weathered houseA couple of weeks ago, two Huffington Post reporters wrote a follow up piece to a great New York Times Op-Ed that explained the link between stress, socioeconomic status (SES), and health. (Please note that the hyperlink to the Op-Ed will be added at a later date due to the Times’ current hacker issues). The main takeaway is that people in poverty (i.e. low SES) have more elevated stress levels than those with higher SES, and that people in poverty are also chronically under siege from these stress hormones. The combination of the two is also referred to as the “weathering effect.”

According to researchers, this is a big deal because high levels of chronic stress can actually shorten our lives and make us more susceptible to illness. Communities of color, unfortunately, are more likely to have low SES compared to whites, and this difference in SES rates isn’t explained by a lack of individual effort on the part of people of color. Imagine trying to pull yourself up by your bootstraps if you have no boots – i.e. you consistently have little to no access to income, quality public education, wealth, health care, reliable transportation options, voting, and safe and healthy environments.

In 2011, I tried living on a food stamp (officially the Supplemental Nutrition Assistance Program, called CalFresh here in California) budget for just five days. By the third day I could only afford to eat oatmeal twice a day- no fruits or vegetables, no meat. At the end of the exercise, my body broke down and I was sick the week after. I know that our tattered safety net is not an equitable starting point for some bootstrap-pulling, not when a wealthy minority in this country is born into prep academies, networked “old boy’s clubs,” and all the other privileges of supreme wealth.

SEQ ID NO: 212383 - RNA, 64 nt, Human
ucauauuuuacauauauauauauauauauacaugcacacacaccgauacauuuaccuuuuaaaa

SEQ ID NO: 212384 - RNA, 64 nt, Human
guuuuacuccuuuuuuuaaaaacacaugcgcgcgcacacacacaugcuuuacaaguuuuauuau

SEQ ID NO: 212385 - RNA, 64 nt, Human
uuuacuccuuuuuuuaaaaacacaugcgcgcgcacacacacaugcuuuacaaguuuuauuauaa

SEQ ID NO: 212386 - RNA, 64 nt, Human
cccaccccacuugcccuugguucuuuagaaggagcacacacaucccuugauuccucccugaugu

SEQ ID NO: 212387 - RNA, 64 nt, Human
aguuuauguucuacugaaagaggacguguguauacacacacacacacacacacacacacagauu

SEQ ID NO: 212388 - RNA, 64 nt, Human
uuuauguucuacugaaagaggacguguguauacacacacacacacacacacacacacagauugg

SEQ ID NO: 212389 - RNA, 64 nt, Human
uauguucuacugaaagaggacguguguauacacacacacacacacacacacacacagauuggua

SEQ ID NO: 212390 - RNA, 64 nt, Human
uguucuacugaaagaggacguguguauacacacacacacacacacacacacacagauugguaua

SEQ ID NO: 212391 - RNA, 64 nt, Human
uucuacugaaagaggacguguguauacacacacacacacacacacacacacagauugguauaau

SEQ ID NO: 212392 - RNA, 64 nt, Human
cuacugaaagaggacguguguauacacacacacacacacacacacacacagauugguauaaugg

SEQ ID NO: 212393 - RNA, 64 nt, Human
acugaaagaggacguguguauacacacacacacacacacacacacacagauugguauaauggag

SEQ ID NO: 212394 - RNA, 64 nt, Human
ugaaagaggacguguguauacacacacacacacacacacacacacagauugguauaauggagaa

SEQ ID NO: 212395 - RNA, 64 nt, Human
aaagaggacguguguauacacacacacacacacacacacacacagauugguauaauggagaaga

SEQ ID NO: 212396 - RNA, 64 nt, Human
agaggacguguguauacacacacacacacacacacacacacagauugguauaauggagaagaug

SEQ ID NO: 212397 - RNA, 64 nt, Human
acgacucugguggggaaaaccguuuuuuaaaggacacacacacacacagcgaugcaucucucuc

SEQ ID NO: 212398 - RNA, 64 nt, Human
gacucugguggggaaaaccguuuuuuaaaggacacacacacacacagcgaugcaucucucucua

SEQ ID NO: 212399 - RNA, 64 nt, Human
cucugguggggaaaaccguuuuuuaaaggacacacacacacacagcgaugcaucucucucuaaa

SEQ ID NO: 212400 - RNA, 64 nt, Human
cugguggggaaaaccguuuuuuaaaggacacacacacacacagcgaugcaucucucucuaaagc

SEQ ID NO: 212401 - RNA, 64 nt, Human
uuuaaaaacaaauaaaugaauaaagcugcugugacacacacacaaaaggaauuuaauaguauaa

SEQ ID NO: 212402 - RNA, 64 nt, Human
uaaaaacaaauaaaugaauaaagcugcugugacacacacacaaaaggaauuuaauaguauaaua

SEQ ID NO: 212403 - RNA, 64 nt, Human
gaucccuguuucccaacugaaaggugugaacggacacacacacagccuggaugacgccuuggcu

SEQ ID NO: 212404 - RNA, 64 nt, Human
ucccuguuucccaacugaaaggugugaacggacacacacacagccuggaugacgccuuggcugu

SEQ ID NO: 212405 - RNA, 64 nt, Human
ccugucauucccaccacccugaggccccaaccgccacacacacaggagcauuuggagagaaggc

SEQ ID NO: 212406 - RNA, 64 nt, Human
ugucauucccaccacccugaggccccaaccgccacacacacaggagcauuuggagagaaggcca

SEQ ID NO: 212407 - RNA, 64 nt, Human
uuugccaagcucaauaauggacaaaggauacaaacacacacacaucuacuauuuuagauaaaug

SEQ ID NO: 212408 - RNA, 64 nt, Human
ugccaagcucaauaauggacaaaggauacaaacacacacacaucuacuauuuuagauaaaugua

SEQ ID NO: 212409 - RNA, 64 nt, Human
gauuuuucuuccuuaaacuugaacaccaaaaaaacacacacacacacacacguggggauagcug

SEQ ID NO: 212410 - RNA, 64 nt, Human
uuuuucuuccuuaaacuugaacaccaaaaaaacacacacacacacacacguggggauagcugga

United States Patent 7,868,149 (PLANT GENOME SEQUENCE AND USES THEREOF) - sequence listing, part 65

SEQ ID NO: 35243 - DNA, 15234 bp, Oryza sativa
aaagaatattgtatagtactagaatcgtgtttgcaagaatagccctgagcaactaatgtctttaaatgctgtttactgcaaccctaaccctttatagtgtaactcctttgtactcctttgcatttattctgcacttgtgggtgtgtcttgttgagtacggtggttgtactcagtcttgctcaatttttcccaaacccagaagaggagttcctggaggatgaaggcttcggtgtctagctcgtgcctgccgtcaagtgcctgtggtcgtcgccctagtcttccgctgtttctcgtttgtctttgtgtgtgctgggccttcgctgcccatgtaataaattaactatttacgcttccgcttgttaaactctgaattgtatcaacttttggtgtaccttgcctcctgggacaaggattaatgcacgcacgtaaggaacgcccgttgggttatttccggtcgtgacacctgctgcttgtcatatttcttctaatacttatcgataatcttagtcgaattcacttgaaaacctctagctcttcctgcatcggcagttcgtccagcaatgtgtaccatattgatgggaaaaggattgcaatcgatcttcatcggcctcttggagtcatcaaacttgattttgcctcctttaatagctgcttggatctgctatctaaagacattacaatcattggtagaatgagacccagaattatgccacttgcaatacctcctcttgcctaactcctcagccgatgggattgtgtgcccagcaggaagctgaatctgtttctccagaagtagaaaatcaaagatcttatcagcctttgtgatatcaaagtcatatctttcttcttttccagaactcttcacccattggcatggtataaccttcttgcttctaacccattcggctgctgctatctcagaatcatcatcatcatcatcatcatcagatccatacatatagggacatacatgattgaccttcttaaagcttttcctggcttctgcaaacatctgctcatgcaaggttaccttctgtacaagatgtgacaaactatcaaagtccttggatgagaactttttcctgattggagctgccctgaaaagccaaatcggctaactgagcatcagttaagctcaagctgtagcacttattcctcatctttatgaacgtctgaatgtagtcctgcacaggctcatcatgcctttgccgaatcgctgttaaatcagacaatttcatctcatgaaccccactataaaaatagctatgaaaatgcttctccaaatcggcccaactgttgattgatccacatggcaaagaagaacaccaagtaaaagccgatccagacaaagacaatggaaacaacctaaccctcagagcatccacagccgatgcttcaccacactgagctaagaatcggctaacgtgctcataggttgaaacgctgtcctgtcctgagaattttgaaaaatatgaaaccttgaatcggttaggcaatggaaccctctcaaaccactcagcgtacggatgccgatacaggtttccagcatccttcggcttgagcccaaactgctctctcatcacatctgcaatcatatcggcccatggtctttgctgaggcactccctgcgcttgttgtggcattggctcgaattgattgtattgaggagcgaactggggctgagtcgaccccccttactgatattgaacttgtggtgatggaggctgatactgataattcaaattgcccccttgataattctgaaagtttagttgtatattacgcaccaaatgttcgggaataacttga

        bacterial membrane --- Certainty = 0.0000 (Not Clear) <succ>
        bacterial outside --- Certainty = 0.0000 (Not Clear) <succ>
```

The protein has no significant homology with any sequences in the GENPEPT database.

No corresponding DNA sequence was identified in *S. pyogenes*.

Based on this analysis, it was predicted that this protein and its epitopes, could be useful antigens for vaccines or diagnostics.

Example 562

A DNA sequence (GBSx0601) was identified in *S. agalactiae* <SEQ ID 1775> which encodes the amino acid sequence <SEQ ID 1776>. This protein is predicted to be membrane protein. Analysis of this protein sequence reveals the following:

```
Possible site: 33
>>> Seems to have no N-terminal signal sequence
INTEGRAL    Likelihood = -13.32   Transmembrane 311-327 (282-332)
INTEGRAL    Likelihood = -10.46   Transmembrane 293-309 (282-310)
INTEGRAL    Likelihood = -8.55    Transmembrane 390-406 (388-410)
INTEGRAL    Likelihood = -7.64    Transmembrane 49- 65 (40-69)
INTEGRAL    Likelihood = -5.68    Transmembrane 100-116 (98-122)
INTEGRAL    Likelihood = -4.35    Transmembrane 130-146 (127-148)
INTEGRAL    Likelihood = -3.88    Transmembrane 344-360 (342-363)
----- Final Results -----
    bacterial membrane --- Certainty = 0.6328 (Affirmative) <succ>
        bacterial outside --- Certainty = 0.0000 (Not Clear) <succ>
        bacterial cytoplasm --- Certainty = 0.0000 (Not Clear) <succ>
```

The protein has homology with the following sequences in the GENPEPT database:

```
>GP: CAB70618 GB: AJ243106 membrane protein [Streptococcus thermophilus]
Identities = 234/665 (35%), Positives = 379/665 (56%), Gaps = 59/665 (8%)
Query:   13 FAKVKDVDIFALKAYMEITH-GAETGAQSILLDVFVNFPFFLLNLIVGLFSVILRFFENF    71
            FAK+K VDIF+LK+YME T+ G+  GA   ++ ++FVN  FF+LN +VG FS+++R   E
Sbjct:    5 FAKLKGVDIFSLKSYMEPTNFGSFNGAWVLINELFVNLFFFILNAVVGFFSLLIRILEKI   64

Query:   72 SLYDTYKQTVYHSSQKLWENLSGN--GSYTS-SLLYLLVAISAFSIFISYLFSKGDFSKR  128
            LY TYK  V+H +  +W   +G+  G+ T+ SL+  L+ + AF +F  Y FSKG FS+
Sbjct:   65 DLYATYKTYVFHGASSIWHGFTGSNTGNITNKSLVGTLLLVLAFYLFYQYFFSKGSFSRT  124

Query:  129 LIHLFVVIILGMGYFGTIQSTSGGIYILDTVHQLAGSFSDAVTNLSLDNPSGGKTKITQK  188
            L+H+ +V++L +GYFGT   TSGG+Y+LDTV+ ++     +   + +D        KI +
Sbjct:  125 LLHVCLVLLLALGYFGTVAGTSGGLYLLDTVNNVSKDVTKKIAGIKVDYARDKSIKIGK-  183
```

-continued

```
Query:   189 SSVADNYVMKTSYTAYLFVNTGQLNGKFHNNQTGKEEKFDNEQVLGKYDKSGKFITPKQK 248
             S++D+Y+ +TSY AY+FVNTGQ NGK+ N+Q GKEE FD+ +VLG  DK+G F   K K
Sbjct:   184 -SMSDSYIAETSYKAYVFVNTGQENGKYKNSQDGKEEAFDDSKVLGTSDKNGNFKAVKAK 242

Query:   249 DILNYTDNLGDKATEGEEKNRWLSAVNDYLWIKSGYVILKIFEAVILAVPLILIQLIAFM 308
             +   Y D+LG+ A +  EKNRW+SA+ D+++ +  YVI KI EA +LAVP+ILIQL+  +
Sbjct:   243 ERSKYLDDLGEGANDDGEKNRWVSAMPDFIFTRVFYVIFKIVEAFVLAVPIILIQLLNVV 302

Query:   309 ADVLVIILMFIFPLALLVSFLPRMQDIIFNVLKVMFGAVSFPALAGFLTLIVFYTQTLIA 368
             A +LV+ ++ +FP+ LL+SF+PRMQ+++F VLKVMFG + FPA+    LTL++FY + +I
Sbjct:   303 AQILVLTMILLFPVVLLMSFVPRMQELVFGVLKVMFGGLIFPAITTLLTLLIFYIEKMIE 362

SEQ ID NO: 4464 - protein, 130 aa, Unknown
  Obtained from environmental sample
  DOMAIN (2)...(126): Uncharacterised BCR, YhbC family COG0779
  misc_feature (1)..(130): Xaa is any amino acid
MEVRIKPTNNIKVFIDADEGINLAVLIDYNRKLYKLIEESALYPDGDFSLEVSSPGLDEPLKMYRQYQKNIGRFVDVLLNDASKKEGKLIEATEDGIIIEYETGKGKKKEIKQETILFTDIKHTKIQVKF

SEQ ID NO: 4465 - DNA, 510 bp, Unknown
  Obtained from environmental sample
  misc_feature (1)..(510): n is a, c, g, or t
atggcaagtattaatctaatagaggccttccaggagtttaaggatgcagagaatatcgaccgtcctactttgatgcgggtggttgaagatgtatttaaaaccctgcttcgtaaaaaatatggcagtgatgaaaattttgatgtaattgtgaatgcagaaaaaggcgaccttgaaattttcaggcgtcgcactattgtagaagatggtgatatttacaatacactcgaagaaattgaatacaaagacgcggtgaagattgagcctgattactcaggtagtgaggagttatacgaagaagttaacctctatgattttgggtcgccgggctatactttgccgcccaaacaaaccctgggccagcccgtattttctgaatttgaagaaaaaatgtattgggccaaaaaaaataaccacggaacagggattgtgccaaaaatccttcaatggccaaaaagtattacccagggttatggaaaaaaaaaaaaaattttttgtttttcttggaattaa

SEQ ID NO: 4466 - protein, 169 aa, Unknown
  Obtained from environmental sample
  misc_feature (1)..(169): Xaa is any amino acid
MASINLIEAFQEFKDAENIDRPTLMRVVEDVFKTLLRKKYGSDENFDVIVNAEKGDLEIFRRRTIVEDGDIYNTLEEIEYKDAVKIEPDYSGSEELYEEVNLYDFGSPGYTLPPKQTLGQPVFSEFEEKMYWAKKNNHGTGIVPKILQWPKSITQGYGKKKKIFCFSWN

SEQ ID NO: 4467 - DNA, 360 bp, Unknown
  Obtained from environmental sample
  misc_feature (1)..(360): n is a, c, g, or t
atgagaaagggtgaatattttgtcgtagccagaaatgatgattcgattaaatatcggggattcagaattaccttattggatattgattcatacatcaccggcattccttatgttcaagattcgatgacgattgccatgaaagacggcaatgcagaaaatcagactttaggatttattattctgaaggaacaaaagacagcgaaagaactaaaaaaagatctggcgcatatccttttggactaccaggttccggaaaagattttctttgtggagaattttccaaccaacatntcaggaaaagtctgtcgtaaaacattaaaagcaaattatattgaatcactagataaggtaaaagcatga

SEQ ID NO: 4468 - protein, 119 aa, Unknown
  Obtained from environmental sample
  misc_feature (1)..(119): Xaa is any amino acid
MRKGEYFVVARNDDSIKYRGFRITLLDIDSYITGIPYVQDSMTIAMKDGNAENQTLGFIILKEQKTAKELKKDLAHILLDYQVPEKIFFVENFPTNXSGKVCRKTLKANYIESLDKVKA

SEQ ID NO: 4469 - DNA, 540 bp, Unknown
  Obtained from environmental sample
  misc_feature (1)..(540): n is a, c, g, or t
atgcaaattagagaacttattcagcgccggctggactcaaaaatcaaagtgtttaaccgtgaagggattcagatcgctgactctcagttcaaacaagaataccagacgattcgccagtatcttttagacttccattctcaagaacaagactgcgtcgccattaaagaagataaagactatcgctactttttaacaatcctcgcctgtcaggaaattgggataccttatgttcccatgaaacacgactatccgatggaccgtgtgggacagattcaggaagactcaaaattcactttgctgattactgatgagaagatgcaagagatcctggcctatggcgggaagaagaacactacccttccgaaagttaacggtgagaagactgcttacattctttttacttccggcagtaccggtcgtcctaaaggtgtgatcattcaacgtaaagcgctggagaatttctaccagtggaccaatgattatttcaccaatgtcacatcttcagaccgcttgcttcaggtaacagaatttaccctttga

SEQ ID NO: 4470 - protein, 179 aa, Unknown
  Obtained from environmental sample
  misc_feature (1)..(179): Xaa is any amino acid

These connections are exactly why Greenlining works across multiple issues, including banking, energy and telecommunications, the environment, voting rights, leadership development, and health. All of these issues are interconnected, and in many ways, we are advocating for basic human necessities that allow people of color and low-income communities to survive and thrive. Being born, growing up, and living on the other side of the tracks should not be a cause of life-taking stress.